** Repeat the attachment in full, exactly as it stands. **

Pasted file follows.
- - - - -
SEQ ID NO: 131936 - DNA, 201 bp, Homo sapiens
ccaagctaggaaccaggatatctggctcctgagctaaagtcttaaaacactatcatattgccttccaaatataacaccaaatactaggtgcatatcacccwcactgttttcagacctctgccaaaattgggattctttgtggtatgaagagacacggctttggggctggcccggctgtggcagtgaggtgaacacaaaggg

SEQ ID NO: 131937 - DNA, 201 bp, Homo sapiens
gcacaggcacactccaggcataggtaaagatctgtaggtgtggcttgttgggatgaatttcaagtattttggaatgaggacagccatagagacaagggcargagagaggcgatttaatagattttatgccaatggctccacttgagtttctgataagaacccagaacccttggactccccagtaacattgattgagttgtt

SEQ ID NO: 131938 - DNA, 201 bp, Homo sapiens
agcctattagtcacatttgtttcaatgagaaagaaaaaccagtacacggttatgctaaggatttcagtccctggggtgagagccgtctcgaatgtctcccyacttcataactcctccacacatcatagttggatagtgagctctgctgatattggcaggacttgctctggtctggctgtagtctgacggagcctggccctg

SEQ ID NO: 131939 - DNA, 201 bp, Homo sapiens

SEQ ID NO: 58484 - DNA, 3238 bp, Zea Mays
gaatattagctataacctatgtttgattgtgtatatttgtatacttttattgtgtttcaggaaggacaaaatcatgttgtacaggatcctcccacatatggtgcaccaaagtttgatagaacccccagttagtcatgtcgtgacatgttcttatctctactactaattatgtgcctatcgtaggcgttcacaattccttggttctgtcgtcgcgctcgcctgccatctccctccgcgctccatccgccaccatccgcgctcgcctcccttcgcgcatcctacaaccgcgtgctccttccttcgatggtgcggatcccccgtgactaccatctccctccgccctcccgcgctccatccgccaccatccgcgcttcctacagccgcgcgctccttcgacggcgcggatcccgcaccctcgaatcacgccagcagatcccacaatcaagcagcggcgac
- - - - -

SEQ ID NO: 131936 - DNA, 201 bp, Homo sapiens
ccaagctaggaaccaggatatctggctcctgagctaaagtcttaaaacactatcatattgccttccaaatataacaccaaatactaggtgcatatcacccwcactgttttcagacctctgccaaaattgggattctttgtggtatgaagagacacggctttggggctggcccggctgtggcagtgaggtgaacacaaaggg

SEQ ID NO: 131937 - DNA, 201 bp, Homo sapiens
gcacaggcacactccaggcataggtaaagatctgtaggtgtggcttgttgggatgaatttcaagtattttggaatgaggacagccatagagacaagggcargagagaggcgatttaatagattttatgccaatggctccacttgagtttctgataagaacccagaacccttggactccccagtaacattgattgagttgtt

SEQ ID NO: 131938 - DNA, 201 bp, Homo sapiens
agcctattagtcacatttgtttcaatgagaaagaaaaaccagtacacggttatgctaaggatttcagtccctggggtgagagccgtctcgaatgtctcccyacttcataactcctccacacatcatagttggatagtgagctctgctgatattggcaggacttgctctggtctggctgtagtctgacggagcctggccctg

SEQ ID NO: 131939 - DNA, 201 bp, Homo sapiens

SEQ ID NO: 58484 - DNA, 3238 bp, Zea Mays
gaatattagctataacctatgtttgattgtgtatatttgtatacttttattgtgtttcaggaaggacaaaatcatgttgtacaggatcctcccacatatggtgcaccaaagtttgatagaacccccagttagtcatgtcgtgacatgttcttatctctactactaattatgtgcctatcgtaggcgttcacaattccttggttctgtcgtcgcgctcgcctgccatctccctccgcgctccatccgccaccatccgcgctcgcctcccttcgcgcatcctacaaccgcgtgctccttccttcgatggtgcggatcccccgtgactaccatctccctccgccctcccgcgctccatccgccaccatccgcgcttcctacagccgcgcgctccttcgacggcgcggatcccgcaccctcgaatcacgccagcagatcccacaatcaagcagcggcgac